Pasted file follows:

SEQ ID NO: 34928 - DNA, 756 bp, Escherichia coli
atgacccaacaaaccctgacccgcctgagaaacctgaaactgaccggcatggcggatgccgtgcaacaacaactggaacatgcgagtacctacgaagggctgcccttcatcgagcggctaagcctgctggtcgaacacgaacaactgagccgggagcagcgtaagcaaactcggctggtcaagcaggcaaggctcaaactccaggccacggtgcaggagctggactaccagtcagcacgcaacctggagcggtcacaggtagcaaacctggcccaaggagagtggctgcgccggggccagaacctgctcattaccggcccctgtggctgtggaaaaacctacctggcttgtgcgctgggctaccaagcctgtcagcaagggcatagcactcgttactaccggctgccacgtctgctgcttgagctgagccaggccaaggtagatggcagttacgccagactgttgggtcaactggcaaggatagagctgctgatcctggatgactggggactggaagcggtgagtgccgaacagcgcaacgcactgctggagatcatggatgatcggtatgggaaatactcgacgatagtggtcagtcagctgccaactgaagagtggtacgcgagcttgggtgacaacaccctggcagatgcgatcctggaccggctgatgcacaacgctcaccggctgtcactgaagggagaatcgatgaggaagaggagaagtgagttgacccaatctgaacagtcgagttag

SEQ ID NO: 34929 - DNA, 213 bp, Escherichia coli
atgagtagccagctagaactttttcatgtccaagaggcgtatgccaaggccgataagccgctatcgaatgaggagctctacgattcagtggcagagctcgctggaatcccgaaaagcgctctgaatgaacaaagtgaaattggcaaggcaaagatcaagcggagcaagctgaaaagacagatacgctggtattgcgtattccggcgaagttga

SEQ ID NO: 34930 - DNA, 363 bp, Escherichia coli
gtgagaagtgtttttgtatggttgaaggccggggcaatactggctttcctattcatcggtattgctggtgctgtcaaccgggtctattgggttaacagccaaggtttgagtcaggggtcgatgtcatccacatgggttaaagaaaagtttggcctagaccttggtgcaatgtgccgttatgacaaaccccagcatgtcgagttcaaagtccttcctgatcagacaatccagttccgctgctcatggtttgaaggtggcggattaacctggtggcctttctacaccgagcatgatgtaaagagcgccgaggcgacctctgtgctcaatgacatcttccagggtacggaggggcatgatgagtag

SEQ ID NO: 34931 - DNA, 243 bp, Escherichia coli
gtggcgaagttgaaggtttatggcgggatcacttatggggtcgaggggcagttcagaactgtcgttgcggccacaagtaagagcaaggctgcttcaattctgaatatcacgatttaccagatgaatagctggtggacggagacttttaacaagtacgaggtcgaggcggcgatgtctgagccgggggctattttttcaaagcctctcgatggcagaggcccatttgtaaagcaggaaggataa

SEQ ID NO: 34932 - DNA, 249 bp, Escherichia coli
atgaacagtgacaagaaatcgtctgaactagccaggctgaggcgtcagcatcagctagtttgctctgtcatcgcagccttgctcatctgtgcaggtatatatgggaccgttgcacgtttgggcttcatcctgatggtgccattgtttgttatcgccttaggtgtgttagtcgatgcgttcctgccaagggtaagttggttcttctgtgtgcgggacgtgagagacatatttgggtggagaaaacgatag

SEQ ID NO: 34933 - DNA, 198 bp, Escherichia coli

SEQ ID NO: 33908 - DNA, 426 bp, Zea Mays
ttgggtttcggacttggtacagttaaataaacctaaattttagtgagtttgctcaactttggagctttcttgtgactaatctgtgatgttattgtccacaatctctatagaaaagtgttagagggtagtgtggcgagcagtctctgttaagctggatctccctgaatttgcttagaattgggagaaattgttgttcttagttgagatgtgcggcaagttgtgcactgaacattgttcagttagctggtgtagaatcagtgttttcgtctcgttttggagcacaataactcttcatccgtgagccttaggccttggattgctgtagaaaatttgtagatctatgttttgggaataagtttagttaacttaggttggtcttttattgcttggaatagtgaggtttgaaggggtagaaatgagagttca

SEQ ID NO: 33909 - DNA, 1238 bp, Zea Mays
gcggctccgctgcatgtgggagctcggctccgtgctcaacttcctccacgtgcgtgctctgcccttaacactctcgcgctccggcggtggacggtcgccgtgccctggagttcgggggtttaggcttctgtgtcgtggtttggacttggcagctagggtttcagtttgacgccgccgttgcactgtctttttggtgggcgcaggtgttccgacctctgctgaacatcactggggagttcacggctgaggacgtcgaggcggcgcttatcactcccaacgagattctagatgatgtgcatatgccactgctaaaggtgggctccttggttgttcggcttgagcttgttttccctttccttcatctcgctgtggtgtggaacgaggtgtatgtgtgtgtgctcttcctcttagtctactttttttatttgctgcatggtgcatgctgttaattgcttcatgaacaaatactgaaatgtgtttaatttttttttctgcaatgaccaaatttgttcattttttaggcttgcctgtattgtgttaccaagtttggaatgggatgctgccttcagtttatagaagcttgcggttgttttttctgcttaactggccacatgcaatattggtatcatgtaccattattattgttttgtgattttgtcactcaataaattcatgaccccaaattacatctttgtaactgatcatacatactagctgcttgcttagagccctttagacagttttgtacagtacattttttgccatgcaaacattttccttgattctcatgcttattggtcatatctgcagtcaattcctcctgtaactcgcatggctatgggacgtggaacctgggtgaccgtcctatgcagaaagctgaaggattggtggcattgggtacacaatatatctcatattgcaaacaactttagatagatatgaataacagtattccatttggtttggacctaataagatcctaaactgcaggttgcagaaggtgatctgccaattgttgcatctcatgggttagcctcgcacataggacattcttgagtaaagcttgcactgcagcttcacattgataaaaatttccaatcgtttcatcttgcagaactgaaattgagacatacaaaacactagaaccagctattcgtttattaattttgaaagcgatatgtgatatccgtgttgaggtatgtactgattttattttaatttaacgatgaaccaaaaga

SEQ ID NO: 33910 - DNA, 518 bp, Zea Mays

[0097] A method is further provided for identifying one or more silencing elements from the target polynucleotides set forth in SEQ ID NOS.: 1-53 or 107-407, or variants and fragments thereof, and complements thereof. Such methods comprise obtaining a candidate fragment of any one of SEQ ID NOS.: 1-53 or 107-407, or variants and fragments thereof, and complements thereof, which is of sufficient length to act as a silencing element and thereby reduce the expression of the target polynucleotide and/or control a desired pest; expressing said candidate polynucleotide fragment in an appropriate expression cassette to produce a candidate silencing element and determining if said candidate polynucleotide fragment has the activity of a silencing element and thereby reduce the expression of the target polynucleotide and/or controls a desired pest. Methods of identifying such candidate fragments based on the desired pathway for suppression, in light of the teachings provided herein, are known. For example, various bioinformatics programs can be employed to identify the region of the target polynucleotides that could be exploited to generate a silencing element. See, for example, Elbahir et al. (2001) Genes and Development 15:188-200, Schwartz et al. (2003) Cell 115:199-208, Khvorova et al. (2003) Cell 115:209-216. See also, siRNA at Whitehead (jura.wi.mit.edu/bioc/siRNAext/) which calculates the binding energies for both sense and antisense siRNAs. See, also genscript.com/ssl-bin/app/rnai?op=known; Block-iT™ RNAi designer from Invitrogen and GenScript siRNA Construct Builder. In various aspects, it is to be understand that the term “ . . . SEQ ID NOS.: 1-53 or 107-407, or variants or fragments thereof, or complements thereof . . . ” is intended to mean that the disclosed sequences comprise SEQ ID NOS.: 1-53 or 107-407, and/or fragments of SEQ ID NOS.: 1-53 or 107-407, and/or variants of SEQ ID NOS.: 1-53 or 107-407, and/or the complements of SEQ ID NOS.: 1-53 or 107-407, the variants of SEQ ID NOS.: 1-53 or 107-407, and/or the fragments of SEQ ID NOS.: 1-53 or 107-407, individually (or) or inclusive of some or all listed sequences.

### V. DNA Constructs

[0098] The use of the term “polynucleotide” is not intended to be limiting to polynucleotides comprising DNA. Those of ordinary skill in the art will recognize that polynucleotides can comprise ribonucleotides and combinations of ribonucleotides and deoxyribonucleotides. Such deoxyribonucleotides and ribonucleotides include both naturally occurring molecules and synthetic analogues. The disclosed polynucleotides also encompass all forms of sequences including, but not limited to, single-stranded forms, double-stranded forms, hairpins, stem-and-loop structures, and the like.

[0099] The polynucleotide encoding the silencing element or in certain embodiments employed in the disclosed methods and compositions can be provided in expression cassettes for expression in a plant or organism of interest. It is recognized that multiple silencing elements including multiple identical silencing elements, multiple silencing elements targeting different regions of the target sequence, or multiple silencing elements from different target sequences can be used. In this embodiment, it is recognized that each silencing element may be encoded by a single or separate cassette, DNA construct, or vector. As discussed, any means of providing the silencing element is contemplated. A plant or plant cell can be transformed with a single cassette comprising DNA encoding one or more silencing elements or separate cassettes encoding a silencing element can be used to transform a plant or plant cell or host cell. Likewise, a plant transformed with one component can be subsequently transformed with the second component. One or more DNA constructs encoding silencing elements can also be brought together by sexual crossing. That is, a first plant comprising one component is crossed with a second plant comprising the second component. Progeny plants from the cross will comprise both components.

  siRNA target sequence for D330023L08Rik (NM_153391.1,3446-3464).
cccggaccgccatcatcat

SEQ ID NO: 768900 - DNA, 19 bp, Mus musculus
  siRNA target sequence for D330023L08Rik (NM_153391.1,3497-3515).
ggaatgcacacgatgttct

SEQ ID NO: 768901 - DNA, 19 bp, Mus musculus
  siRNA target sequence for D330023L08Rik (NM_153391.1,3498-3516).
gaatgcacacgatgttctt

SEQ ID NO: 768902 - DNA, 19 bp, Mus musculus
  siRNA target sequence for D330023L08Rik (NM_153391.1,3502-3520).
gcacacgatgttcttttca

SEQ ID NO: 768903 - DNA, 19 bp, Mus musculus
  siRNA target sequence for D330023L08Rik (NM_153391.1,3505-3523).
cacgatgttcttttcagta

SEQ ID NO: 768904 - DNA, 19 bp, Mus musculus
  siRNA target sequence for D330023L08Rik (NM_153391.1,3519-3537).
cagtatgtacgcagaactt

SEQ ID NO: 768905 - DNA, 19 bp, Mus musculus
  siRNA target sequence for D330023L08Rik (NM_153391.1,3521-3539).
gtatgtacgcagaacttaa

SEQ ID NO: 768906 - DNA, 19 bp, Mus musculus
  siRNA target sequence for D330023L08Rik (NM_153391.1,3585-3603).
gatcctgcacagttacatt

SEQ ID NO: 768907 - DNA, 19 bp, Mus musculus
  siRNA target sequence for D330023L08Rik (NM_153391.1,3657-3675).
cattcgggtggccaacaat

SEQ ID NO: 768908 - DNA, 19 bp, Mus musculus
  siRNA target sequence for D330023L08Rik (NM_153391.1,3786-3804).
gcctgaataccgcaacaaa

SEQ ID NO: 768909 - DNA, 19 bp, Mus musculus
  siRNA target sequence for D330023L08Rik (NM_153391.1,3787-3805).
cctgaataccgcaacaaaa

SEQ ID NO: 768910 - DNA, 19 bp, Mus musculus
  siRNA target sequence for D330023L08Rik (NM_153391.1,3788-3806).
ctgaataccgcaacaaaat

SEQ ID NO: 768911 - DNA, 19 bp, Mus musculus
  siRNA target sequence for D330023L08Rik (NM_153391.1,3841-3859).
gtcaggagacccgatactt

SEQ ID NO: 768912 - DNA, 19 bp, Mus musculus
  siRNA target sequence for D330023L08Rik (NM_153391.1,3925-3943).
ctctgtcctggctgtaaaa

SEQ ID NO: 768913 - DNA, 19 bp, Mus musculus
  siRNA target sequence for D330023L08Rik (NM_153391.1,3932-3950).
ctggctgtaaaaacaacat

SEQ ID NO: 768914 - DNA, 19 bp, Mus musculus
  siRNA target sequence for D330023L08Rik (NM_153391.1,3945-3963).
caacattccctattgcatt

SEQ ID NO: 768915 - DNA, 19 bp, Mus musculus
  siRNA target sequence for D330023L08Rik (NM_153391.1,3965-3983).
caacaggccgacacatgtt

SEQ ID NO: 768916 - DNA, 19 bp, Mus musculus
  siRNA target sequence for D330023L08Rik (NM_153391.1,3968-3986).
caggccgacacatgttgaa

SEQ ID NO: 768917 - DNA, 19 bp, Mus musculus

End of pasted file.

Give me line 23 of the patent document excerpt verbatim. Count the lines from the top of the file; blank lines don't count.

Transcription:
SEQ ID NO: 768900 - DNA, 19 bp, Mus musculus